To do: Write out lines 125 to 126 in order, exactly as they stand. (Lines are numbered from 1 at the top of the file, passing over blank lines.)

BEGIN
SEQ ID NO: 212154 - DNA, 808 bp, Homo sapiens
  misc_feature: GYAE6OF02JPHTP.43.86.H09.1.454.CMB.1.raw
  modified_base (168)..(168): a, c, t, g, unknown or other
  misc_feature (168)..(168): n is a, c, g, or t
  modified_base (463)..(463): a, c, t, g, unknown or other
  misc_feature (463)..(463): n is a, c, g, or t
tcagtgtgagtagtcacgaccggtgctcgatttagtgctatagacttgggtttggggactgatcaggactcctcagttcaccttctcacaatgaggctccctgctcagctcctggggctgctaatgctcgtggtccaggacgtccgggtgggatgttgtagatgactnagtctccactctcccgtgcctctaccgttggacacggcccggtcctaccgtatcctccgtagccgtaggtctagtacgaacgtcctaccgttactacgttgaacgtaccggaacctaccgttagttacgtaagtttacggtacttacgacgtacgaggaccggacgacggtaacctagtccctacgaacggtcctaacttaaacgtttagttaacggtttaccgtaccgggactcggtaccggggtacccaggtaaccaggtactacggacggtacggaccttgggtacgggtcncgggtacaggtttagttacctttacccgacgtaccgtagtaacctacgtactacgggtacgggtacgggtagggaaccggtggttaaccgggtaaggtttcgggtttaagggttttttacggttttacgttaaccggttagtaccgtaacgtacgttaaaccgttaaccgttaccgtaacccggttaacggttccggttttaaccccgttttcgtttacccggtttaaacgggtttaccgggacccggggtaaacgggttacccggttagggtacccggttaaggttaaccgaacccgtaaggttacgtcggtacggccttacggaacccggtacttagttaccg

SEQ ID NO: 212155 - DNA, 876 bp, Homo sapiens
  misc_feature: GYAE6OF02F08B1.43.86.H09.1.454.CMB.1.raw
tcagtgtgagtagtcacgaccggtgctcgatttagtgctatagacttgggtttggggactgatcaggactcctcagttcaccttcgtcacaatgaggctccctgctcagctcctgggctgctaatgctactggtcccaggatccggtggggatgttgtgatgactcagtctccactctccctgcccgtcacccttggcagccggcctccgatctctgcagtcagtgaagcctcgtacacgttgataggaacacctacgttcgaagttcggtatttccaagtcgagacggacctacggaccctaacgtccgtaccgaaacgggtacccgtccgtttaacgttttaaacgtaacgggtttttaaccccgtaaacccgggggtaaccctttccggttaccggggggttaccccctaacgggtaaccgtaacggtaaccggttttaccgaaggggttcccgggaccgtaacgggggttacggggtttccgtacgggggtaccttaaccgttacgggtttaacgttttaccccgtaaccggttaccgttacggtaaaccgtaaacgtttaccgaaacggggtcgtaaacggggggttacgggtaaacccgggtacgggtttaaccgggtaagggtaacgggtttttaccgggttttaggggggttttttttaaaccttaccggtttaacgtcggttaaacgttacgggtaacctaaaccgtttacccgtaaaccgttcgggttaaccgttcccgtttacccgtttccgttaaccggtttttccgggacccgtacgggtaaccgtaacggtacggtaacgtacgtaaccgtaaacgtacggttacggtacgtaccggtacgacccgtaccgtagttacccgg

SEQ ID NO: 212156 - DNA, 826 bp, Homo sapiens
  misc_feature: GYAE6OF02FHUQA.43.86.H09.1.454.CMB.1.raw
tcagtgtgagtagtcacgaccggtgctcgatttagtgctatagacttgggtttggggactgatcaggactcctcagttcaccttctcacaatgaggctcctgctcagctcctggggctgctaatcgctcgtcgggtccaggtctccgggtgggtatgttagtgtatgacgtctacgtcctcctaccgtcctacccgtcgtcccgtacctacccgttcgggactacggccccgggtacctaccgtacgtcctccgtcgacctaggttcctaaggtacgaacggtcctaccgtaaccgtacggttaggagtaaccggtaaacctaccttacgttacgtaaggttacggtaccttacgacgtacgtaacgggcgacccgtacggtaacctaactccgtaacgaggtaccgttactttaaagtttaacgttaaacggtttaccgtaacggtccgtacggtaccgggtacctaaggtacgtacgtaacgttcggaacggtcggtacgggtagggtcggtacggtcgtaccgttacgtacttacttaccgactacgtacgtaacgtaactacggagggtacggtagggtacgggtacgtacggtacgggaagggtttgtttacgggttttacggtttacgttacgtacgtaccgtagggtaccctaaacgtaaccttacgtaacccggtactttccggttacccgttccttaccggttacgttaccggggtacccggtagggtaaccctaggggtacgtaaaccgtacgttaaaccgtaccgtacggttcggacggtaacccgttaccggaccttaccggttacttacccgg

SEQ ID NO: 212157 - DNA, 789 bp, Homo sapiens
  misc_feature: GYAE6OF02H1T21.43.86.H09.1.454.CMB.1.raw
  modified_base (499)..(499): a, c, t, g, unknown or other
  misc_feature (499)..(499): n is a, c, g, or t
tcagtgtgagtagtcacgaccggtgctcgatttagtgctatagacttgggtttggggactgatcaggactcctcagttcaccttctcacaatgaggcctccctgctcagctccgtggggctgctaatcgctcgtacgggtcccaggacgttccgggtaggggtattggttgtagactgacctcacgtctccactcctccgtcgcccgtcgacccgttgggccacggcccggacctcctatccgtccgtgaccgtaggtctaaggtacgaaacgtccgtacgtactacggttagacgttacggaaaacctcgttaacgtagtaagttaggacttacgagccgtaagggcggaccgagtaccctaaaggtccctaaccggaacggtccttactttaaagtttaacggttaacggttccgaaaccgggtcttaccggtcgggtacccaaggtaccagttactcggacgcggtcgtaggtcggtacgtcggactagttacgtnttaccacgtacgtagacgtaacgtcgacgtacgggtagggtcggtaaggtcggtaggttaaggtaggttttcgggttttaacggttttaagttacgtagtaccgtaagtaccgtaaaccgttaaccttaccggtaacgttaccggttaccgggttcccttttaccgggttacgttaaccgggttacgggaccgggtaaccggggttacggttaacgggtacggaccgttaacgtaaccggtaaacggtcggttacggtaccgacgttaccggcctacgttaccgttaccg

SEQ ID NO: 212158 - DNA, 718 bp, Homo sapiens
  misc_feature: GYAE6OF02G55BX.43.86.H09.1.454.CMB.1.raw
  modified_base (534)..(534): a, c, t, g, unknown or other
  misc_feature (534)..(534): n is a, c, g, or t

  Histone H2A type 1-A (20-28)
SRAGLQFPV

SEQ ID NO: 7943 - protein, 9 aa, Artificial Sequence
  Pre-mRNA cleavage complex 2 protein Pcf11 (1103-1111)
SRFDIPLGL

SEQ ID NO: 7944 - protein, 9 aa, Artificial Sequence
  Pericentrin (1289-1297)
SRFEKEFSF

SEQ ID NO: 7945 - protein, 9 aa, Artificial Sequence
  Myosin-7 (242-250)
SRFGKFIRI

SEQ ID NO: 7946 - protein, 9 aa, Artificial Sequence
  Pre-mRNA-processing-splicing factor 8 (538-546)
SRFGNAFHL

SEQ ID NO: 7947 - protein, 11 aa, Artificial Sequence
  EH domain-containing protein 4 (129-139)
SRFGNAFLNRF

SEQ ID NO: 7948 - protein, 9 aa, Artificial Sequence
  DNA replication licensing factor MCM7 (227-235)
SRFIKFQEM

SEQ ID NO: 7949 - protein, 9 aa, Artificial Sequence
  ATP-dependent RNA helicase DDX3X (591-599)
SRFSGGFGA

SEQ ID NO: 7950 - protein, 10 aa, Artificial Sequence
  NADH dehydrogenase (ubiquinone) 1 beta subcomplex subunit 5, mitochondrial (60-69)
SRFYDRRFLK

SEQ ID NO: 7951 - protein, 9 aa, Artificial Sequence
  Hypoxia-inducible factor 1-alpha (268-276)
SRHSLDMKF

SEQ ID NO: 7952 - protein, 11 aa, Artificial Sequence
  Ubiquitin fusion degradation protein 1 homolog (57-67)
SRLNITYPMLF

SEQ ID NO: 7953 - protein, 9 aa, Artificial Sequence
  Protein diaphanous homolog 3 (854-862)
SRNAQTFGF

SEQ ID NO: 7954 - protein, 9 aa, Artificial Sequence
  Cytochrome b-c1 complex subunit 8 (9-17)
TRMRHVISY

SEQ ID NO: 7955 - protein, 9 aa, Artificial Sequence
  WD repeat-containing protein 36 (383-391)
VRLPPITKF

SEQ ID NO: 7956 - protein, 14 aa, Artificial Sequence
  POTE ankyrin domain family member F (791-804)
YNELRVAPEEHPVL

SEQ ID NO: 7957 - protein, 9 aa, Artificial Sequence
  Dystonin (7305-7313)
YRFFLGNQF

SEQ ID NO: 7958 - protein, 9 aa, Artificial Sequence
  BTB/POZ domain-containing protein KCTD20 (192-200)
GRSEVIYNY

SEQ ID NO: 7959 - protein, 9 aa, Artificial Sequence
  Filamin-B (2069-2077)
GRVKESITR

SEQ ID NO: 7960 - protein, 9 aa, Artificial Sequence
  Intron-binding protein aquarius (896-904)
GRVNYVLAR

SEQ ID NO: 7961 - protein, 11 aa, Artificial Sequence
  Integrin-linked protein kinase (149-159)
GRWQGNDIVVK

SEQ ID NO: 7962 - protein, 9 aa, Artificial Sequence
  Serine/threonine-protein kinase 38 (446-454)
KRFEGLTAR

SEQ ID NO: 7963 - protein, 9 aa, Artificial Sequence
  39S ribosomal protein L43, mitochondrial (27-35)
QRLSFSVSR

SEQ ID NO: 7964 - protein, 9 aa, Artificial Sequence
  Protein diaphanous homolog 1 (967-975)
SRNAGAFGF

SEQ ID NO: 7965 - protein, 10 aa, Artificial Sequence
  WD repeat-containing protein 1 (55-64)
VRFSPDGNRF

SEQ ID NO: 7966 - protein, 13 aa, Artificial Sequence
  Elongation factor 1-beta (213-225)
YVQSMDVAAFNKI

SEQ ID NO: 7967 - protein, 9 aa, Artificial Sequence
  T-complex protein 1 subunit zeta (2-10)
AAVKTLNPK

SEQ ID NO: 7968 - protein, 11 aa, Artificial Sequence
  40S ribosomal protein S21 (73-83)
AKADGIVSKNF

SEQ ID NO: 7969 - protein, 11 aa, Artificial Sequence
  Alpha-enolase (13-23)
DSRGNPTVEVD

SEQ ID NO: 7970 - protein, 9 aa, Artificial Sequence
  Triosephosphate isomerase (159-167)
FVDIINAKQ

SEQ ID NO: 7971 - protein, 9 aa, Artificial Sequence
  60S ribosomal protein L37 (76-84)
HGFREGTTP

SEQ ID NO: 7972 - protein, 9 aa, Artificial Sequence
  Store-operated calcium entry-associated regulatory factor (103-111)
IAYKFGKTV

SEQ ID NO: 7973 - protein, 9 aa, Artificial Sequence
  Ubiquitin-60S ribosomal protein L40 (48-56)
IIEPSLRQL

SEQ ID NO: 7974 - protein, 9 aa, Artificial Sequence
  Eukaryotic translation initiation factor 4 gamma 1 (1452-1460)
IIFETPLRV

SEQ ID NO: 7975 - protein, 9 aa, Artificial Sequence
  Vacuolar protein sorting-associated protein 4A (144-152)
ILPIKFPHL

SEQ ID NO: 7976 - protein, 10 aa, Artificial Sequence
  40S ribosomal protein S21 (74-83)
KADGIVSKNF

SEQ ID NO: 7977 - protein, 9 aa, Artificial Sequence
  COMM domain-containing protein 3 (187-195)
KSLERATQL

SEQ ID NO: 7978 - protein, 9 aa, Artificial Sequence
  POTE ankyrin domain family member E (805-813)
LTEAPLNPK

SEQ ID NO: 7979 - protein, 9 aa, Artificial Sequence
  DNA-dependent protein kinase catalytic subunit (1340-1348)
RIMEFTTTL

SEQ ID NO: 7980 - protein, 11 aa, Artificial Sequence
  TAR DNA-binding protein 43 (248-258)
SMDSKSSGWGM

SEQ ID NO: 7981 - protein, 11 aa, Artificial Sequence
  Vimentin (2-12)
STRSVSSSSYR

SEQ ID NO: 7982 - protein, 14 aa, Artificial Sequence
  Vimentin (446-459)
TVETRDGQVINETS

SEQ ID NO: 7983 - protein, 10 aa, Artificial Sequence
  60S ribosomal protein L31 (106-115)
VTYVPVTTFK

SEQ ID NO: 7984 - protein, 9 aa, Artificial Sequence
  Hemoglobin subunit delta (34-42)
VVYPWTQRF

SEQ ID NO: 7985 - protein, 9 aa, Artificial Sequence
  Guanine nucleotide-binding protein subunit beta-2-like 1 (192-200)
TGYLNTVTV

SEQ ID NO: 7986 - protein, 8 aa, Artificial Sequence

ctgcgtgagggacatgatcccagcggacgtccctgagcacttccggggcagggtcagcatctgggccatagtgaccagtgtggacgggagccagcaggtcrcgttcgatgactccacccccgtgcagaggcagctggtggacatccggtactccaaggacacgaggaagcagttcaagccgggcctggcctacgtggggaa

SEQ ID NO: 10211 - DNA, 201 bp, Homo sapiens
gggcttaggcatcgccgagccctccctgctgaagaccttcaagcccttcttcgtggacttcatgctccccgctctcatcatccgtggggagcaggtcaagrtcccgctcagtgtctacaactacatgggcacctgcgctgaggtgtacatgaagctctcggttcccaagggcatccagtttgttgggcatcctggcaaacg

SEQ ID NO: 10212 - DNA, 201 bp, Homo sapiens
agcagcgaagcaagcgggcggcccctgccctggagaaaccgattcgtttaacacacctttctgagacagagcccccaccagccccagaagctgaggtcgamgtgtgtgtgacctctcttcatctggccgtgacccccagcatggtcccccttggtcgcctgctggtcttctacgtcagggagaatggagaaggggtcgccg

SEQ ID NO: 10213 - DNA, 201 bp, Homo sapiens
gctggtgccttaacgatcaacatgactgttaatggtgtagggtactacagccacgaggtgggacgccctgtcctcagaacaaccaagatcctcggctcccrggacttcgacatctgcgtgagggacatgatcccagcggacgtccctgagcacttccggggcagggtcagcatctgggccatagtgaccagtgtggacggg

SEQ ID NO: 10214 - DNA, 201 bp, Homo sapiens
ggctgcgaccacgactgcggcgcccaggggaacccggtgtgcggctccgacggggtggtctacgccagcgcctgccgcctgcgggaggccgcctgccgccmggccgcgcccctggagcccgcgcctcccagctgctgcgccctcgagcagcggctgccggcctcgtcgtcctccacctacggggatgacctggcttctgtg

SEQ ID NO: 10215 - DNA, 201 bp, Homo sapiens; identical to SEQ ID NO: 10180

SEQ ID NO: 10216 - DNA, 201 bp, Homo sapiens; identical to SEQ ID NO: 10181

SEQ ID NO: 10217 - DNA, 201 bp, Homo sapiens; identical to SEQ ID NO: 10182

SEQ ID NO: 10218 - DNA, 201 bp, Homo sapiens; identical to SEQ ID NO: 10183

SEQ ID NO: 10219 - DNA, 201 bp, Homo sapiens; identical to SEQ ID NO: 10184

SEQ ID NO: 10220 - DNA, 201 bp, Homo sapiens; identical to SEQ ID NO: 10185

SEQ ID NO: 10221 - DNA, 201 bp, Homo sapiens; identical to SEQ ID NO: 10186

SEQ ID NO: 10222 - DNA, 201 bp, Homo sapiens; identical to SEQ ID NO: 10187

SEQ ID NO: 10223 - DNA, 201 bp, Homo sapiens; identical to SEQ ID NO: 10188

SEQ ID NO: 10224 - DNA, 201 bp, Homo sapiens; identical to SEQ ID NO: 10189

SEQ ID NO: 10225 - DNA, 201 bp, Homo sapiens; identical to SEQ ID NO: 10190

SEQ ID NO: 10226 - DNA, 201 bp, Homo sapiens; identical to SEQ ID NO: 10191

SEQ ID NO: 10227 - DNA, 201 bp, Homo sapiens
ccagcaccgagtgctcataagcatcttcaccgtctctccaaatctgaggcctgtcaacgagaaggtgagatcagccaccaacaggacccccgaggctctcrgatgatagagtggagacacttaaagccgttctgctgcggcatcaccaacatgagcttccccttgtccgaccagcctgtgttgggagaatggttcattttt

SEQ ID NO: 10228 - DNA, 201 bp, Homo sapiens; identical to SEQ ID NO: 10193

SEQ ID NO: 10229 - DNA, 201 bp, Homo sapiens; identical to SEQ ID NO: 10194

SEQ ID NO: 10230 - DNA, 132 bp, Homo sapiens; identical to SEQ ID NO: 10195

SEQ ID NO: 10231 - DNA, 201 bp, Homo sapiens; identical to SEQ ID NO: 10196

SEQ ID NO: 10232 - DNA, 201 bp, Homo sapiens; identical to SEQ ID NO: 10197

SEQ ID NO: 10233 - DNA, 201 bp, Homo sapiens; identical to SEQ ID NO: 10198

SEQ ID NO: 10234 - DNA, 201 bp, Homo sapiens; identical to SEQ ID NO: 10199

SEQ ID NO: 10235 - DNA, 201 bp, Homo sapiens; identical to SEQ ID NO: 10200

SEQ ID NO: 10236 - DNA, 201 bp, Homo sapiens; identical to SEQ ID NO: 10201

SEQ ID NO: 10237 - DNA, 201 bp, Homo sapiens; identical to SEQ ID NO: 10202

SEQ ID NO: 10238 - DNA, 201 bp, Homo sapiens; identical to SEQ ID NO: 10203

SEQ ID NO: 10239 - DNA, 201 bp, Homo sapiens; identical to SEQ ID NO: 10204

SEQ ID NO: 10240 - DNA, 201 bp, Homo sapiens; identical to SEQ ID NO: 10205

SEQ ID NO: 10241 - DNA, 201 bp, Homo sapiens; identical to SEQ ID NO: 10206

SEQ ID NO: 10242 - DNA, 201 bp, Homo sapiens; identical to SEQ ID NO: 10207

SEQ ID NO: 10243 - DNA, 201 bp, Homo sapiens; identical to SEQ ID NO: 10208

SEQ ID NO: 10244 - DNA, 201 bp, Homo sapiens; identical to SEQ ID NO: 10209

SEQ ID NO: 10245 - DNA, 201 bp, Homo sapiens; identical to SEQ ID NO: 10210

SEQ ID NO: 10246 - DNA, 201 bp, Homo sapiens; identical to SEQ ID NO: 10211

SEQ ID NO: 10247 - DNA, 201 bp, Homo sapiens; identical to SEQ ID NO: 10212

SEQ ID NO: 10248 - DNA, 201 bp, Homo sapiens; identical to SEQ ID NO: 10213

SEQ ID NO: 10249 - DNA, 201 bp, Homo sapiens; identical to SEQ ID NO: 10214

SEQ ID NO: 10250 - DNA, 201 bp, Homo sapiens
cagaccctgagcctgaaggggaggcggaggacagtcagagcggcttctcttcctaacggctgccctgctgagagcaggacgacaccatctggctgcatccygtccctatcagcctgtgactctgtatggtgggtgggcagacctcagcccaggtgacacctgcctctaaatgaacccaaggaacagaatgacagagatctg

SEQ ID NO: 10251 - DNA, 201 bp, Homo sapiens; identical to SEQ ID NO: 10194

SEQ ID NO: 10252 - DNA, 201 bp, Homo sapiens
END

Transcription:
  40S ribosomal protein S21 (74-83)
KADGIVSKNF